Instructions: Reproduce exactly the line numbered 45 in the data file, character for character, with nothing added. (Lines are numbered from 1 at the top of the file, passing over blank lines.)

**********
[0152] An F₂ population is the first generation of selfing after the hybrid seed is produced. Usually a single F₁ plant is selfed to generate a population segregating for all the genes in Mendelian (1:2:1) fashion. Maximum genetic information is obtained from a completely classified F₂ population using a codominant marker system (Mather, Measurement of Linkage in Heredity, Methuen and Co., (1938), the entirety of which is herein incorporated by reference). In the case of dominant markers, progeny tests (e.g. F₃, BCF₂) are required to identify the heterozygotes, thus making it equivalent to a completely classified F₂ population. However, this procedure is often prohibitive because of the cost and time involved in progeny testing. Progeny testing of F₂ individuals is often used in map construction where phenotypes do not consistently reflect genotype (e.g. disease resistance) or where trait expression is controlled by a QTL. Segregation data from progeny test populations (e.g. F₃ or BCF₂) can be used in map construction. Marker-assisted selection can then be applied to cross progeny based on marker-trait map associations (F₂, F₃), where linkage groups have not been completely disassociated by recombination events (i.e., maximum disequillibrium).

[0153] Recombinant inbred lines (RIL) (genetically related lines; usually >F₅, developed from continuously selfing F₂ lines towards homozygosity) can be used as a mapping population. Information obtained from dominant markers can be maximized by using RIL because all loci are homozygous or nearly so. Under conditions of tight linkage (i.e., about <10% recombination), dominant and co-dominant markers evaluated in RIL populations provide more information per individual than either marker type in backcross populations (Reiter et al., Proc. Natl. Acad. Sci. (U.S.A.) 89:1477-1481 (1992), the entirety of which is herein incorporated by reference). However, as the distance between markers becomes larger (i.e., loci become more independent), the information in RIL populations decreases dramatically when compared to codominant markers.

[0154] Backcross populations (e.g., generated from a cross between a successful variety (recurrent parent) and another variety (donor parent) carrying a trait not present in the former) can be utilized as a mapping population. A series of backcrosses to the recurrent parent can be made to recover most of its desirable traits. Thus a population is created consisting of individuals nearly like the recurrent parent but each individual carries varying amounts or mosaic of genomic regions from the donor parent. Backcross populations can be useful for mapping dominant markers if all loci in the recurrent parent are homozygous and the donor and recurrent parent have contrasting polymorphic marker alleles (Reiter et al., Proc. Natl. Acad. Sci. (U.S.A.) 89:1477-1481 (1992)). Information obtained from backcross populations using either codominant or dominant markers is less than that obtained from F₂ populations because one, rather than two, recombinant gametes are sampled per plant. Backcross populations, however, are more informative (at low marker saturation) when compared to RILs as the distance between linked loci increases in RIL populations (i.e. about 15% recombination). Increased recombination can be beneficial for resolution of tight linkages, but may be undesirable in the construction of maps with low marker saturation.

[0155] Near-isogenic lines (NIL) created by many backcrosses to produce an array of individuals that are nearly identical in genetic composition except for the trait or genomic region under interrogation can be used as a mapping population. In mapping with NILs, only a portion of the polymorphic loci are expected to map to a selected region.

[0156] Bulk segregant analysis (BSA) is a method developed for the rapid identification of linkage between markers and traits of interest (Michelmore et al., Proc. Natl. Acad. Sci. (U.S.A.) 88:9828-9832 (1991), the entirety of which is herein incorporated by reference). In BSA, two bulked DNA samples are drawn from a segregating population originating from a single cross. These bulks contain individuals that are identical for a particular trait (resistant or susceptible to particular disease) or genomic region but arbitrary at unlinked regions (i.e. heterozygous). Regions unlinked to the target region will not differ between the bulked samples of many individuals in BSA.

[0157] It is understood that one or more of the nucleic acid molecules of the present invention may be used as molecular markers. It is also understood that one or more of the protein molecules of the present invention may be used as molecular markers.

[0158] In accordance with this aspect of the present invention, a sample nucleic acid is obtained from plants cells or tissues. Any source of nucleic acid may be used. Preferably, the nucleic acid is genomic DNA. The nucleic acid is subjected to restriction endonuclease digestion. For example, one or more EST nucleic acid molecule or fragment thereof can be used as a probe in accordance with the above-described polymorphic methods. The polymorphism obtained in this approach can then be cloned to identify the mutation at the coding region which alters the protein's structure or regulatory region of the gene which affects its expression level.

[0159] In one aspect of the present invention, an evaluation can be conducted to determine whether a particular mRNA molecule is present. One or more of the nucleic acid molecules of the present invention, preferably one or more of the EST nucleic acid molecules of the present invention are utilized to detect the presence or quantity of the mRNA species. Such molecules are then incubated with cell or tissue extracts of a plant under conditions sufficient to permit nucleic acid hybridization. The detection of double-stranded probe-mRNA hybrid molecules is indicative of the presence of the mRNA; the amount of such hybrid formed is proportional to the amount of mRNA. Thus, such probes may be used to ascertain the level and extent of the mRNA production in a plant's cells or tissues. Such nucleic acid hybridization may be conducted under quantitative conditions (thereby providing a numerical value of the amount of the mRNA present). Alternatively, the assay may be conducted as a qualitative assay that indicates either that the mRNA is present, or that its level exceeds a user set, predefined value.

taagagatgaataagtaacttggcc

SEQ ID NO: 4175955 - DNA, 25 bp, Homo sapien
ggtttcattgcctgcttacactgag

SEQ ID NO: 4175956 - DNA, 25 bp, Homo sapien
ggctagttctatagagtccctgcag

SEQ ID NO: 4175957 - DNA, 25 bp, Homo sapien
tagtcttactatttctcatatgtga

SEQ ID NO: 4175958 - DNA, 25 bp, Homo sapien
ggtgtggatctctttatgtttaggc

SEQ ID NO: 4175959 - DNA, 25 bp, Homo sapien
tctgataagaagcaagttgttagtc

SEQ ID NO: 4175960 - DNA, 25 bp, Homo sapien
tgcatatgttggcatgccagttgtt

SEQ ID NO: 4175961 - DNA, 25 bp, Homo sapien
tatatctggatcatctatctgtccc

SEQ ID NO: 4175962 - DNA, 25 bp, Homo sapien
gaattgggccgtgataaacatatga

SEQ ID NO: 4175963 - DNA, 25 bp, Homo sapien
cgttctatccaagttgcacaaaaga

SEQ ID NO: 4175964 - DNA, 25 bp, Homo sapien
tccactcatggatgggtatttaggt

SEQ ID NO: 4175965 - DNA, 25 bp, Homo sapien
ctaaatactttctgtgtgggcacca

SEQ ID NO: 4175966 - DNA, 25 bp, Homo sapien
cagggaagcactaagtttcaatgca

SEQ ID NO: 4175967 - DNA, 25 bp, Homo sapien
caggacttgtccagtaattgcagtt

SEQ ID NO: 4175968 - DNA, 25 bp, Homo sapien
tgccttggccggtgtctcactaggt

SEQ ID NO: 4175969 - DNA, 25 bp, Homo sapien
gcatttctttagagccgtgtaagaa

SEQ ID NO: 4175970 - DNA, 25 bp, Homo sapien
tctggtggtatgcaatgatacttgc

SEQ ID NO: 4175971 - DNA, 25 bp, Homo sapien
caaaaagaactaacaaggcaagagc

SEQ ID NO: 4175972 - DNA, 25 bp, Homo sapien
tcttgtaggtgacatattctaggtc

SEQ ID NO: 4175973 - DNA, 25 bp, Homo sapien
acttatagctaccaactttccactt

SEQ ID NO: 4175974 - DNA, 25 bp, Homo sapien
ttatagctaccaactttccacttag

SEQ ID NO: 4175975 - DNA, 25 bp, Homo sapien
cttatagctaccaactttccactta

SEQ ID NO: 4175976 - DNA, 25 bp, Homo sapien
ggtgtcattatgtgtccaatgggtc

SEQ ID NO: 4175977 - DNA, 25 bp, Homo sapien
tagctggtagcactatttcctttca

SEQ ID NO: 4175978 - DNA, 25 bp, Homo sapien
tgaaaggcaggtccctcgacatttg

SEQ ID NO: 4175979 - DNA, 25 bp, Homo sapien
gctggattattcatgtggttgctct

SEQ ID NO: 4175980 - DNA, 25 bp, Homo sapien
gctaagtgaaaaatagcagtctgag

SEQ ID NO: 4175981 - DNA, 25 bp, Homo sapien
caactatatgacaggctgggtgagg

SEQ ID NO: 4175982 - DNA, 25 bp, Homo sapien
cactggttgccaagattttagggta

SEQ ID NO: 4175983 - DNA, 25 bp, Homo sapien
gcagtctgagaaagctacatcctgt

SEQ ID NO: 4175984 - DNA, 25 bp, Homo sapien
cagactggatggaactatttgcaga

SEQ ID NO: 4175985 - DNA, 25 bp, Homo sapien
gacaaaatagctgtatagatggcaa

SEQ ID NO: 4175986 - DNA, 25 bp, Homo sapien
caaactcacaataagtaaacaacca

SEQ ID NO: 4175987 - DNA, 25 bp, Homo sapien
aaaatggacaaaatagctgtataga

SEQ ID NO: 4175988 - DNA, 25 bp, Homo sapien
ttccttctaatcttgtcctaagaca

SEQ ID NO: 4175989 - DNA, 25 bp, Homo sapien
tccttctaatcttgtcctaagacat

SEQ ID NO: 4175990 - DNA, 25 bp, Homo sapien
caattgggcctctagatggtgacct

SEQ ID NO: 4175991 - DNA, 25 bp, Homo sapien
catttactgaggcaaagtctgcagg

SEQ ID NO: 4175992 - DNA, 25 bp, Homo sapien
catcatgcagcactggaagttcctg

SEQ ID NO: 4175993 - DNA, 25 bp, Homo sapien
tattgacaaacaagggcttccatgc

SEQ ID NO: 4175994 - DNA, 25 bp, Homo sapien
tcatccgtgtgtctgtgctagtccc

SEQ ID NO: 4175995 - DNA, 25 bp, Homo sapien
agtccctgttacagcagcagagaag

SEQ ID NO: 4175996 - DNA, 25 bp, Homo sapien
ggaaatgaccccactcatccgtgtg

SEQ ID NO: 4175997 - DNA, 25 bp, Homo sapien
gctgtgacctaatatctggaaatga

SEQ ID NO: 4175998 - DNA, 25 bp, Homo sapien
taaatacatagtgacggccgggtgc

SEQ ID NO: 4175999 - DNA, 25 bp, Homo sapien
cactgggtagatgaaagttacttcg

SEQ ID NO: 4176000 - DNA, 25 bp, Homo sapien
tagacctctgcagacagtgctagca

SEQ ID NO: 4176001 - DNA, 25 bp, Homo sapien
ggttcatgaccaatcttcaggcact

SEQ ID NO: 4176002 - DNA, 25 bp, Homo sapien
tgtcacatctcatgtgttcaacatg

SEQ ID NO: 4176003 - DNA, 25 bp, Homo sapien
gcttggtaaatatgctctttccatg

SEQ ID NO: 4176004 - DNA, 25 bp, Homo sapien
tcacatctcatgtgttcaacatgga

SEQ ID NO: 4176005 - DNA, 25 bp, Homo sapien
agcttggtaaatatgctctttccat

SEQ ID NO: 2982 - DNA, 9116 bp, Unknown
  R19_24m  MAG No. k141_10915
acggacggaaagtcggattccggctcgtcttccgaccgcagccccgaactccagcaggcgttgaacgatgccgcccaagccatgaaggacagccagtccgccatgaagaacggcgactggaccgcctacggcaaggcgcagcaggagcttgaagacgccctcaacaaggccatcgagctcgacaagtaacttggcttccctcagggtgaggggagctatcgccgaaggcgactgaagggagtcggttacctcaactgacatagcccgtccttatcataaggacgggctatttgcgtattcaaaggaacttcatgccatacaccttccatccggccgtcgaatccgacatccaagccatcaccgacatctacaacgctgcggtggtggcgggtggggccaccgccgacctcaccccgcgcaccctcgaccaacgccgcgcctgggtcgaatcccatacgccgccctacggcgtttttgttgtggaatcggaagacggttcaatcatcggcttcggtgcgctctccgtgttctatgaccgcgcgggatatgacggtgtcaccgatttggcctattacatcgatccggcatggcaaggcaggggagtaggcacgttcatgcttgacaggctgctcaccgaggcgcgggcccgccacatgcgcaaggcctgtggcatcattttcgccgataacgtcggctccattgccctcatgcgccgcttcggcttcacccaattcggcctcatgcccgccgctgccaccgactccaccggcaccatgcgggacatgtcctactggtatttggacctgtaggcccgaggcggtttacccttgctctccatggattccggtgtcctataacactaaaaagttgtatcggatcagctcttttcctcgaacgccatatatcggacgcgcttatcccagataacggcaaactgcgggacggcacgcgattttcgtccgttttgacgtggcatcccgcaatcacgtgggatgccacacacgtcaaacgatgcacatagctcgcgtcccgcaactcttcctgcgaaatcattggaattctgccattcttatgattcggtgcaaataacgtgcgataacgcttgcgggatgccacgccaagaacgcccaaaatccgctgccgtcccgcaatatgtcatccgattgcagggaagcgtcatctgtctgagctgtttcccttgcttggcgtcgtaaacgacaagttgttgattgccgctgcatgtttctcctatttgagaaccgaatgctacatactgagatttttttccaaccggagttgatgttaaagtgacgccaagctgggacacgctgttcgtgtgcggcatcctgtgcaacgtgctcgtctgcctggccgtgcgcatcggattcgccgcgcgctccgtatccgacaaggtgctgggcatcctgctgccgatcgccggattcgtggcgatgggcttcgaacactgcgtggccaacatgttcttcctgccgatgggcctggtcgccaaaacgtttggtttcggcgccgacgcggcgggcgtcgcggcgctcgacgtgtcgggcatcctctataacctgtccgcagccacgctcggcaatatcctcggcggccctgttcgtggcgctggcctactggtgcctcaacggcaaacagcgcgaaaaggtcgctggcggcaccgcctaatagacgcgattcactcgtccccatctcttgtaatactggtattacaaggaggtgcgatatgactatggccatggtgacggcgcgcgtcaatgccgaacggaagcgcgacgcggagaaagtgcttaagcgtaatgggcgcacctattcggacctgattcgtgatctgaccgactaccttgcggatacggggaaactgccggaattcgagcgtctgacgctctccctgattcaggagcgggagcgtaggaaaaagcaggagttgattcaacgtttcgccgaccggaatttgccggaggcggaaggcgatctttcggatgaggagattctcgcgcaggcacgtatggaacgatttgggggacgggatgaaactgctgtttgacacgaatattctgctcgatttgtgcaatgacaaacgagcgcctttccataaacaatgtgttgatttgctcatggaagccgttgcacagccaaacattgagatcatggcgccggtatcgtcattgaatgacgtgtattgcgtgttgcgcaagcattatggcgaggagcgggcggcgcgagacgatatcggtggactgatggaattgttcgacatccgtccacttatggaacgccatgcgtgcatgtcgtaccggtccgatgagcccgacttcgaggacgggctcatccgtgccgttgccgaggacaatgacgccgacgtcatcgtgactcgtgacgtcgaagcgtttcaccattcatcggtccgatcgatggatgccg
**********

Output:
tcttgtaggtgacatattctaggtc